Nevertheless I called the restaurant and the manager said someone had found the pen and that she would keep it for me. I drove back there the next day, ten miles through traffic each way, and announced myself at the IHOP. The person at the cash register handed me the pen in several pieces. Whoever had turned it in had unscrewed it from the wrong end—effectively breaking it—and had taken the ink. What I got was the barrel, the cap, and a piece that couldn’t be glued back on.
“They took the ink?” I said.
“I was like, ‘I don’t know why he’s coming back for this,'” the cash register person said.
“Really? Were you like that?” I didn’t say. I had planned to stay and eat breakfast but I decided against it. This was payback, I thought.
When I was 15 I worked at McDonald’s. One day I was cleaning up booths and mopping floors. A father and his daughter came in just as I finished with the booth they had their eye on. As I walked away the dad apparently found something I’d neglected to wipe, or that I’d forgotten to remove.
“No wonder they need help,” he said to his daughter, in a way that made me wish she’d grow up to be a very difficult teenager for him.
Wouldn’t it be weird if, 30 years before and on another coast, he’d found my pen, disappeared through a temporal vortex? Unlikely, but stranger things have happened.
Driving away from the IHOP, I also decided against buying a third Chinese pen. They weren’t good luck, whether you named them or not. Plus, they didn’t have one quality I particularly like in pens: the ability to be stood up on a flat desk or table. The two dragon pens were rounded at either end. If you tried to stand them up, they’d fall over.
But I did have a heavy, elegant fountain pen that could be stood up. I was hesitant to use it, however.
It had been a gift from someone I’d broken up with a few months before. The way it got to me was innocuous enough but it became problematic and metaphorical once the relationship ended. Her ex-husband had given it to her but she didn’t like fountain pens, she said, so she never used it. She gave it to me as a Valentine’s Day present but it had no ink. Later I thought, “if you’re going to re-gift something, wrap that shit up and make sure the batteries are fresh, or there’s ink and whatnot.”
At this point I have several decades’ worth of former relationships and I have at least one prized possession from most of the women involved. Items of apparel, a table, a chair, books, children… I never got in the habit of throwing something away just because I was no longer on any terms with the person who gave it to me. If anything, I like to keep these old souvenirs around to remind me to remember things fondly, and I mostly can.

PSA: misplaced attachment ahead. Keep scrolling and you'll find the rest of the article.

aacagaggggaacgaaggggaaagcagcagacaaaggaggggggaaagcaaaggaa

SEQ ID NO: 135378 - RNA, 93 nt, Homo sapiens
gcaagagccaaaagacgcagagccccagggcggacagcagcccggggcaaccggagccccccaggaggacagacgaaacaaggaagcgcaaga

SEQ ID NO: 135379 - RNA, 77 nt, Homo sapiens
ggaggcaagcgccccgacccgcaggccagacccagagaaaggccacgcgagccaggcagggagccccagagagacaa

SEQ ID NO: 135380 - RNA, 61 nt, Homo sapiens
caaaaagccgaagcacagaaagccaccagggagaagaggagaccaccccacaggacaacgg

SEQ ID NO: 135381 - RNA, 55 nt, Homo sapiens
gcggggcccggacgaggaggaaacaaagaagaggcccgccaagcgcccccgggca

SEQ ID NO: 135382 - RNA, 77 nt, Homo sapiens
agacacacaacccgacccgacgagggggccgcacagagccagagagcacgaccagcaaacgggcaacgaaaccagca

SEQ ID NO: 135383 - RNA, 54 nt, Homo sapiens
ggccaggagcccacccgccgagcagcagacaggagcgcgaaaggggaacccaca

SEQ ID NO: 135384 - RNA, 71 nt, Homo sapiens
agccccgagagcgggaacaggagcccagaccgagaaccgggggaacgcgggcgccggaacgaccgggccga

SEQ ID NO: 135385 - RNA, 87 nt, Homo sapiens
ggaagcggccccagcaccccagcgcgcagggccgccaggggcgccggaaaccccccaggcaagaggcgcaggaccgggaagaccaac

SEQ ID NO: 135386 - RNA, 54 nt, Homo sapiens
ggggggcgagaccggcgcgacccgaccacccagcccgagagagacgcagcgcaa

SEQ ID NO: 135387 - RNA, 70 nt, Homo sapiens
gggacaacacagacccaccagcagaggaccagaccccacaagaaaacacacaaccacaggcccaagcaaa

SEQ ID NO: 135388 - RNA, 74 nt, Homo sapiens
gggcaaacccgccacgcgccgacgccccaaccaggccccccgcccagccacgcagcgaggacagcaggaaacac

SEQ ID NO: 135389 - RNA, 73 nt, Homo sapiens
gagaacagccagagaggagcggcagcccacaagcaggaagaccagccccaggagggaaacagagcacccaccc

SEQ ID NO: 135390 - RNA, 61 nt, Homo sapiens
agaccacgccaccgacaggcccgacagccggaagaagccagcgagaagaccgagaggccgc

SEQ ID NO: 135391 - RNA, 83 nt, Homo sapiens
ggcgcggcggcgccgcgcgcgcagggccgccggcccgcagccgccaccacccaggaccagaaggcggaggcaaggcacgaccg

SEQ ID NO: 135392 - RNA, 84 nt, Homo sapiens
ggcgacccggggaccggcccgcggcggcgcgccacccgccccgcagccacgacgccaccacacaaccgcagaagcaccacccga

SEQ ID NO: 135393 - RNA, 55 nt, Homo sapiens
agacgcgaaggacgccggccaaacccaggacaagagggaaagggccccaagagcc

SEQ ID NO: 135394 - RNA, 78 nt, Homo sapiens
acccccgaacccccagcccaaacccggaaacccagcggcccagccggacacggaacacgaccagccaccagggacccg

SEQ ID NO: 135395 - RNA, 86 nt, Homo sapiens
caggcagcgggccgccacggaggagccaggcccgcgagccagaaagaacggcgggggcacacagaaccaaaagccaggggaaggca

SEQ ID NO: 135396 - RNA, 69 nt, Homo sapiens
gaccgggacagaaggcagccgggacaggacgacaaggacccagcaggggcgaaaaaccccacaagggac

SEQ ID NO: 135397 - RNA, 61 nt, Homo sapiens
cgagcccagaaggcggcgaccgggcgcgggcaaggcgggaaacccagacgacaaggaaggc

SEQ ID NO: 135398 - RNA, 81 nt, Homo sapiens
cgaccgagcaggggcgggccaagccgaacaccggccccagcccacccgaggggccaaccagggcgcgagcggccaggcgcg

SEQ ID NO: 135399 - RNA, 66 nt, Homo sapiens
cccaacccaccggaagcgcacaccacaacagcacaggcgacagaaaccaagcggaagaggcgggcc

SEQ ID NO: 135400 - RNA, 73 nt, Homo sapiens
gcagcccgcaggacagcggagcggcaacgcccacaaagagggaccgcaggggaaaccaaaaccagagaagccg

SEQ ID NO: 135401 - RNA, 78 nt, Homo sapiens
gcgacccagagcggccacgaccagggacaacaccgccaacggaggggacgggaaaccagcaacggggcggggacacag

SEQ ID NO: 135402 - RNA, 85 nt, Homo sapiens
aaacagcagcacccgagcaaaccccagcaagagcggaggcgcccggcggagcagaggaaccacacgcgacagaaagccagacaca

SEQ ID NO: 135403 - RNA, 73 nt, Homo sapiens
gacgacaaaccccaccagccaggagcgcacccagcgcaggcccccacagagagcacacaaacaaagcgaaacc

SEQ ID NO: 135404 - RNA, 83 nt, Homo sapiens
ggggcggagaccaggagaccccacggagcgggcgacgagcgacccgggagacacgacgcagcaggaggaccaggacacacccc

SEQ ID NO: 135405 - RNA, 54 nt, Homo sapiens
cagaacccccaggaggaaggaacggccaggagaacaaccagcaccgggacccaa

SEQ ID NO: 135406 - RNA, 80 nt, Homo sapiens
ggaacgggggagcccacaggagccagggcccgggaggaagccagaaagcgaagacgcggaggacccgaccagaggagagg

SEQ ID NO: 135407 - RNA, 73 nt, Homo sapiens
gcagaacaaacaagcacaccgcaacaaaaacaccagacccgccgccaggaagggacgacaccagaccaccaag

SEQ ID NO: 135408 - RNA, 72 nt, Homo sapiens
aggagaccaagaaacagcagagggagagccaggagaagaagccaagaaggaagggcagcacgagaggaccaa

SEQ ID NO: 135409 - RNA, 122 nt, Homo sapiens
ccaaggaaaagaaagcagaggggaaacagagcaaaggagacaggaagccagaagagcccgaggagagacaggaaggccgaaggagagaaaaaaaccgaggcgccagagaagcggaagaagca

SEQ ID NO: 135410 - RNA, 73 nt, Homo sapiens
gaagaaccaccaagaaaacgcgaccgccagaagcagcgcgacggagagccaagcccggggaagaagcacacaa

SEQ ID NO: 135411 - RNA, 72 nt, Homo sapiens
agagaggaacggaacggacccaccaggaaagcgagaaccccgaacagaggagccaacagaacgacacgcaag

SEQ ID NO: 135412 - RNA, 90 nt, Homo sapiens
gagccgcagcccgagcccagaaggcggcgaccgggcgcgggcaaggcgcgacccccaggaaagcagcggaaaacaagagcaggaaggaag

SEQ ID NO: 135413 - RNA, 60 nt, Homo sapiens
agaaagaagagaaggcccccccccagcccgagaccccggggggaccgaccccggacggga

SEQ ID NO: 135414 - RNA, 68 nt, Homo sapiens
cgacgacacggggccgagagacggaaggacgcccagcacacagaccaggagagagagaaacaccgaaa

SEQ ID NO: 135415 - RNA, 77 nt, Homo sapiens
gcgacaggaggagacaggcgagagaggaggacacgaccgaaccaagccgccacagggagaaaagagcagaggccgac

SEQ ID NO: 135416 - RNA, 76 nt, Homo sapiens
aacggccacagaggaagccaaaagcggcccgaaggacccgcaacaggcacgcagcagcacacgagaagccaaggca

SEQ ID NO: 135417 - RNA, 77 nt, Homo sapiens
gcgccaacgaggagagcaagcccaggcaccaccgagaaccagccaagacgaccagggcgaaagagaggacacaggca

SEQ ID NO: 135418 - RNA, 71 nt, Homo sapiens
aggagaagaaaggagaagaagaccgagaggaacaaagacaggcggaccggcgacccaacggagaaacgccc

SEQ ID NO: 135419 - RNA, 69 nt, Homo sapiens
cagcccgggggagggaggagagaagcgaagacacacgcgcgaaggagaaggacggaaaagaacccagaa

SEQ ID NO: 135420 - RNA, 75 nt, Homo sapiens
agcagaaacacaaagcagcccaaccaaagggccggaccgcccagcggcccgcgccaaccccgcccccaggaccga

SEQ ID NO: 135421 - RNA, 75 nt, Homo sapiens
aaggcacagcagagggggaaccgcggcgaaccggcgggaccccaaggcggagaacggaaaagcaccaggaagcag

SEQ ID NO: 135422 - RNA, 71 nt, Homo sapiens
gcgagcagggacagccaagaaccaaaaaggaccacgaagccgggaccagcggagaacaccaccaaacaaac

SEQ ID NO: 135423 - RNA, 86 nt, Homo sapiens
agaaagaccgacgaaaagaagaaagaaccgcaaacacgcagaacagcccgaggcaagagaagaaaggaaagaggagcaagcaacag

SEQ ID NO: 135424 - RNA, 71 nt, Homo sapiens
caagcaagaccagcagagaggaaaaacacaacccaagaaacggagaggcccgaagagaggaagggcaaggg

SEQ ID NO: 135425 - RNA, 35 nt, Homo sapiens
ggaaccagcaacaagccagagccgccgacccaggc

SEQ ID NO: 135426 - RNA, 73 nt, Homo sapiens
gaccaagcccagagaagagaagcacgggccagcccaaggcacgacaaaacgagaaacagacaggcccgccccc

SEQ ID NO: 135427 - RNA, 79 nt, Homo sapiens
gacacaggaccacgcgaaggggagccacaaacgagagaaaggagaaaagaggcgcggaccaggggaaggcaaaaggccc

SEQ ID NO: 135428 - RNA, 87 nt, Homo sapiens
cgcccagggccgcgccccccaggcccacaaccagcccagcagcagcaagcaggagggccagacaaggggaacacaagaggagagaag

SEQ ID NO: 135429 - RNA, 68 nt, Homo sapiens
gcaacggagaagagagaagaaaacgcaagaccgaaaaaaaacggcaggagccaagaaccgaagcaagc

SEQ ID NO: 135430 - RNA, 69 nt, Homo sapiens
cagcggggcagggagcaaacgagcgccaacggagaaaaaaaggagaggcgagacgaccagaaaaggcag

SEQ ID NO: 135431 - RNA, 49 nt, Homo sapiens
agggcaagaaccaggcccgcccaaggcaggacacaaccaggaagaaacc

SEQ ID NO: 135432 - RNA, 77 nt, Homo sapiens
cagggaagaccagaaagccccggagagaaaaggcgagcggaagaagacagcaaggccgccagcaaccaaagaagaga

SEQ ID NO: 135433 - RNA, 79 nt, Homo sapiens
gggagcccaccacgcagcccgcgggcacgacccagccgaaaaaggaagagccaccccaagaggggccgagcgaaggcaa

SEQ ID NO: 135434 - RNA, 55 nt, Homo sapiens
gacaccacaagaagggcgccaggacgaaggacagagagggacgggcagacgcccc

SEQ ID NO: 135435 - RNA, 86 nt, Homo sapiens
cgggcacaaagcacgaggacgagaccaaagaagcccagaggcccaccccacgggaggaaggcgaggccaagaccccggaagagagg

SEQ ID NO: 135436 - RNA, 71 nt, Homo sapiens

So in that spirit I went back to Amazon to order some ink for this fountain pen, and when it arrived I enjoyed the satisfying pop that I imagine phlebotomists feel when they break your skin with a needle. Fountain pen cartridges need to be twisted and pierced to make the ink flow, and the process of writing becomes like a controlled internal hemorrhage. As with the others, writing with this pen was a pleasure.
The next day the kids and I were driving somewhere and I got rearended on Los Feliz Blvd. It was a gentle tap and no one was injured, and the other driver was very apologetic. We exchanged insurance information on the trunk of my car, and the other guy complimented me on the pen. I didn’t tell him the story because he was shaken up enough. He was also about 25 and I didn’t want to scandalize him with stories of ex-wives and re-gifting.
We shook hands and drove away. Turns out my deductible is too high to cover the little dent, and also that I left the cap of the pen on the trunk when I left. Yes, I drove back to Los Feliz Blvd. and checked the gutter for the pen cap, but it was not meant to be.
These perfectly serviceable fine-point roller pens that I buy at Costco or the dollar store go missing all the time and I don’t fret about them. I don’t leave their ruins in commemorative, ornamental ashtrays. And I know that if I bought or was gifted at $300 Mont Blanc I would lose it or break it because it is a tiny sliver of metal and plastic that is about a hundred times more fragile than my car keys, and I lose those with about the same frequency.
I guess the lesson here is that, if I like something and want to keep it, I should never take it out of the house, or use it. This worked for my cat, who lived for 19 years.